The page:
On January 6, 1785, Haym Salomon, the Polish-born immigrant to colonial New York who is revered in American history as the financier of the Revolutionary War, died. He was all of 44 years old — and he was bankrupt.
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Details of Salomon’s early life are obscure. What is known that he was born on April 7, 1740, in Leszno (Lissa, in German), in the Polish-Lithuania Commonwealth, to parents of Portuguese-Jewish descent. As a young man he traveled in Germany and France. In 1772, the time of the First Partition of Poland, he moved to London, and sailed for the American colonies three years later.
In New York, Salomon began working as a financial broker for merchants involved in international trade. He married Rachel Franks, from a well-regarded Jewish family. By the mid-1770s, frustration with British rule was boiling over in the colonies, and Salomon was caught up in the revolutionary spirit. He became involved in the Sons of Liberty, an insurrectionist group in New York, and in September 1776, shortly after hostilities broke out, he was arrested by the British, suspected of involvement in burning down residences the royal army had intended to use for billeting troops.
The British rapidly observed that their prisoner had excellent language skills and began using him as an interpreter for the German-speaking Hessian mercenaries fighting with them. Salomon, however, used the opportunity to encourage Hessians to desert. He is also said to have helped American prisoners of war to escape, something Slomon did in August 1778.
Sentenced to death
Salomon was soon arrested again, and sentenced to death, but again he escaped, this time making his way to Philadelphia. There his work as paymaster to the French forces in America, who were also at war with the British, brought him to the attention of Robert Morris, the United States’ newly appointed superintendent of finance.
Cash flow was a major problem for the Americans, and again and again, Salomon devised the financial instruments that kept the new republic solvent. Robert Morris’ diary from 1781-1884 records 75 occasions when, he wrote, “I sent for Haym Salomon.” During that period, Salomon raised some $650,000 for the United States, which in 2013 terms, according to one calculation, would be equivalent to $8.8 billion.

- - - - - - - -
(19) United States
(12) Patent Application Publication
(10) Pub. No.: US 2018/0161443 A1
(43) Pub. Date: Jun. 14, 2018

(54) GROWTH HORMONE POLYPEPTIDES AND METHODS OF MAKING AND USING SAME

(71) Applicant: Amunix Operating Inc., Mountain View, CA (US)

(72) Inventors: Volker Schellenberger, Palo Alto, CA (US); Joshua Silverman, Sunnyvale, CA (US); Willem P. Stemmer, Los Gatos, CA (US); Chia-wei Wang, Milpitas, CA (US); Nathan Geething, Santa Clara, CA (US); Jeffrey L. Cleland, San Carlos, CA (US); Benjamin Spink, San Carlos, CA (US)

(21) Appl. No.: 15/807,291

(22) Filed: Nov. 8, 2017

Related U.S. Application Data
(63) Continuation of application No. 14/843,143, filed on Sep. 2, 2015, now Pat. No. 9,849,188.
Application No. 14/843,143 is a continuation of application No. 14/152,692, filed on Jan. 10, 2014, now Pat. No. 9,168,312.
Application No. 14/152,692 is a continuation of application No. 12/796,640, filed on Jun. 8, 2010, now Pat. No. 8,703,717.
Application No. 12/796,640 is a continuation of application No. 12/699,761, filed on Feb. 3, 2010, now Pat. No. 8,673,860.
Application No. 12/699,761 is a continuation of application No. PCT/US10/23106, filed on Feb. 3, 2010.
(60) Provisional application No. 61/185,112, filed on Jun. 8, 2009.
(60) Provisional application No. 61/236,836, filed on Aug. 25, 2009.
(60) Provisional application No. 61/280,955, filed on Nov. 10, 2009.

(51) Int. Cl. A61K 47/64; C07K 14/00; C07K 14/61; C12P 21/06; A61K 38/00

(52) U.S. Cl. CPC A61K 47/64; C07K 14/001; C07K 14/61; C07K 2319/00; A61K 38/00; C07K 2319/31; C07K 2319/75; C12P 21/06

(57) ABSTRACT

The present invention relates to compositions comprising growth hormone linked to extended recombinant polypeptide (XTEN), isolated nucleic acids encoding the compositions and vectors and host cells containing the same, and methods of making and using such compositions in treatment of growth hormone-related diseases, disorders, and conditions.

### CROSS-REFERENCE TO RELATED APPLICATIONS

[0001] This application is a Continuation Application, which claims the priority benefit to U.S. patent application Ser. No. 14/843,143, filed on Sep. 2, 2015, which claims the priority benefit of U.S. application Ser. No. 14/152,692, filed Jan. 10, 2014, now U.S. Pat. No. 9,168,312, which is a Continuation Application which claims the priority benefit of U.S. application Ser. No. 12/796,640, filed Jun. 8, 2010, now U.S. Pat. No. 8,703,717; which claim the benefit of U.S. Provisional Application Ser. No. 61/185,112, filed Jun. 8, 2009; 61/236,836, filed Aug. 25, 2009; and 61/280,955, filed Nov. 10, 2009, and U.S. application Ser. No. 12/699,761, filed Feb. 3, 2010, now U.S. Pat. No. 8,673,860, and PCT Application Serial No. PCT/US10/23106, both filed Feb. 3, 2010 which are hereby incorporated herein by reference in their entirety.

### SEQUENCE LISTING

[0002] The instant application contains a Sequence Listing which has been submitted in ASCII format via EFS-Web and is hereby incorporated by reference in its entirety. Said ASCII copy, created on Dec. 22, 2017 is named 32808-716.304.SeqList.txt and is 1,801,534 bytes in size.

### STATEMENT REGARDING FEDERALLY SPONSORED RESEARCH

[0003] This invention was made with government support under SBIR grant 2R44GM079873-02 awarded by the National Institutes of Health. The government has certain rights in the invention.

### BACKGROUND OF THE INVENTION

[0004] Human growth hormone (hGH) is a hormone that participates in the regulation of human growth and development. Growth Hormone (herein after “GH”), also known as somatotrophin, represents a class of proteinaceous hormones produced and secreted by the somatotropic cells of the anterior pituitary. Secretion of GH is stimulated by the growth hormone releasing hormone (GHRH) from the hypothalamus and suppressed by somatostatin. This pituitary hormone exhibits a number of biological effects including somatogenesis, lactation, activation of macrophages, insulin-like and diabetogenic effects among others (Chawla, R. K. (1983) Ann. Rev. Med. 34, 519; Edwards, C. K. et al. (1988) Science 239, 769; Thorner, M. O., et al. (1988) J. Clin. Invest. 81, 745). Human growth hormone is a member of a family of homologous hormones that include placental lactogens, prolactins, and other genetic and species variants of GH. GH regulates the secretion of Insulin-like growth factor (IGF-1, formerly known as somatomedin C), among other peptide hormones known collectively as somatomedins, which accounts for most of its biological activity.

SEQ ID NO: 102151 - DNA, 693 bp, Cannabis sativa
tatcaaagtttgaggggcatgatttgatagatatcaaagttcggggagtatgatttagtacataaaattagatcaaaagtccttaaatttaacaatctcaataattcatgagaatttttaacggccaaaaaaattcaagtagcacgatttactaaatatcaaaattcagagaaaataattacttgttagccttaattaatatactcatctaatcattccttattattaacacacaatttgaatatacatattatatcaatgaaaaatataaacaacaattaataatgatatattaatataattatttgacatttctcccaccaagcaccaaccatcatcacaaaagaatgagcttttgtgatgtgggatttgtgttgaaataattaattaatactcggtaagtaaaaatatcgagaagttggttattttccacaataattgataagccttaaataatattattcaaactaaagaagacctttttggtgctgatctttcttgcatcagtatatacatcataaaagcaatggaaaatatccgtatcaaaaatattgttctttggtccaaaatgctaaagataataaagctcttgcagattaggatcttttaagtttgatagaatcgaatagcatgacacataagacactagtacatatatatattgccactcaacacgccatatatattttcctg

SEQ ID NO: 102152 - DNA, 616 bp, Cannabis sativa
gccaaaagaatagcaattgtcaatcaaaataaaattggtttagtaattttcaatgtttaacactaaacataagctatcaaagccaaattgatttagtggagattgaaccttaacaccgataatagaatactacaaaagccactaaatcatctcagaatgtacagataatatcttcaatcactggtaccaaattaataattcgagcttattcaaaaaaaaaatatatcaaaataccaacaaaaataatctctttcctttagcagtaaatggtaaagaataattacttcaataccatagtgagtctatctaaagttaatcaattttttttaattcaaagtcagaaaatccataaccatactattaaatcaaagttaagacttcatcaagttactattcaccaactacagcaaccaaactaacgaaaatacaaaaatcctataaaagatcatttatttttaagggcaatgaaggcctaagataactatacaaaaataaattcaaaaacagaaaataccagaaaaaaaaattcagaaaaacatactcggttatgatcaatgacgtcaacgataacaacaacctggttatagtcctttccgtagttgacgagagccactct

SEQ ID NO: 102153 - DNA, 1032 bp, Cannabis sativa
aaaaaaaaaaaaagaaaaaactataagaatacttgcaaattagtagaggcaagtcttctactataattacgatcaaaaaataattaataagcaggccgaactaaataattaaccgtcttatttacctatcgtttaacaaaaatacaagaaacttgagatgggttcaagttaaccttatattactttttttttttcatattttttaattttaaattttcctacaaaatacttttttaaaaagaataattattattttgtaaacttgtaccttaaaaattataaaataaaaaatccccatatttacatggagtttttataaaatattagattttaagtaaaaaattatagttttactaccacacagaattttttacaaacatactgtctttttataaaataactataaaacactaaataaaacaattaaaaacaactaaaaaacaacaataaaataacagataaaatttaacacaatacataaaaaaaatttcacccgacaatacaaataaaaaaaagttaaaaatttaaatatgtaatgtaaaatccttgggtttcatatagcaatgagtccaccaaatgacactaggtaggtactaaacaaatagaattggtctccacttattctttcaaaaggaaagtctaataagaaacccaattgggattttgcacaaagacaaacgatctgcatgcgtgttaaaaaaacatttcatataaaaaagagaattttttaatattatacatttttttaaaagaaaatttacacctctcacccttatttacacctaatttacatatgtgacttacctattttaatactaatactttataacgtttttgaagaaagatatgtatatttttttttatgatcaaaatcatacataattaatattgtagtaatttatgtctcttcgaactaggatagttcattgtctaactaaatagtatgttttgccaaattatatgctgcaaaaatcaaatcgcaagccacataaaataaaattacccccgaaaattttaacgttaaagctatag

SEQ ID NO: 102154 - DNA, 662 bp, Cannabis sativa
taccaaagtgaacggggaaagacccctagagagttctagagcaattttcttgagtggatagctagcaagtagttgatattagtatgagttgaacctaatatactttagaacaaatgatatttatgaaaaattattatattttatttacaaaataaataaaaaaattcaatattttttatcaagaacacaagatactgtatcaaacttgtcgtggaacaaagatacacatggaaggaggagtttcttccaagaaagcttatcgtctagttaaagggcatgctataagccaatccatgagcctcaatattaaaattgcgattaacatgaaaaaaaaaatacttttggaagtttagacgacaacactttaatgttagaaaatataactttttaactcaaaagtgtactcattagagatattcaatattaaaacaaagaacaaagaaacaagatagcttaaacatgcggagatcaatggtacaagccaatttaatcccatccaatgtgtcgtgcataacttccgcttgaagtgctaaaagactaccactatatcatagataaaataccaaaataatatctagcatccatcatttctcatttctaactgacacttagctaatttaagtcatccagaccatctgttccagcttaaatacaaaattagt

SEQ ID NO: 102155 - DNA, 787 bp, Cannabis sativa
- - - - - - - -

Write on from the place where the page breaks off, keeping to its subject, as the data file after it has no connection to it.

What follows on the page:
In August 1781, the army of British Lt. Gen. Charles Cornwallis was trapped in Yorktown, Virginia. George Washington, the commander of the Continental Army, wanted to march with his troops from New York. However, lacking both supplies and cash, he ordered Morris to turn to Salomon.
Salomon found the $20,000 Washington needed to march on Yorktown, where the war’s final battle was fought, in October 1781 (although it would be another two years before the Revolutionary War would come to a formal end).
Salomon was notable not only for his financial wizardry but also for his personal generosity, loaning his own money both to the American government and to a number of the individuals leading it. These included James Madison, later America’s fourth president, who in a 1782 letter referred to Salomon as “our little friend in Front street,” in Philadelphia, whose assistance “I never resort to without great mortification, as he obstinately rejects all recompense. The price of money is so usurious that he thinks it ought to be extorted from none but those who aim at profitable speculations.”
Salomon was also among the founders of Philadelphia’s first synagogue, Mikve Israel. In 1783 he participated in an effort — which did not succeed until much later — to get Pennsylvania’s Council of Censors to change its requirement that all office holders take an oath testifying to their belief in both the Hebrew Bible and the New Testament.
At the time of Haym Salomon’s sudden death on this day in 1784, he was owed some $350,000, much of it from the U.S. government, while holding assets of only $35,000. None of the debt was ever repaid, even though efforts by his heirs to come to a settlement with the government persisted for at least a century.
He was buried in the Mikve Israel cemetery. His grave was left unmarked because his family could not afford a commemorative stone.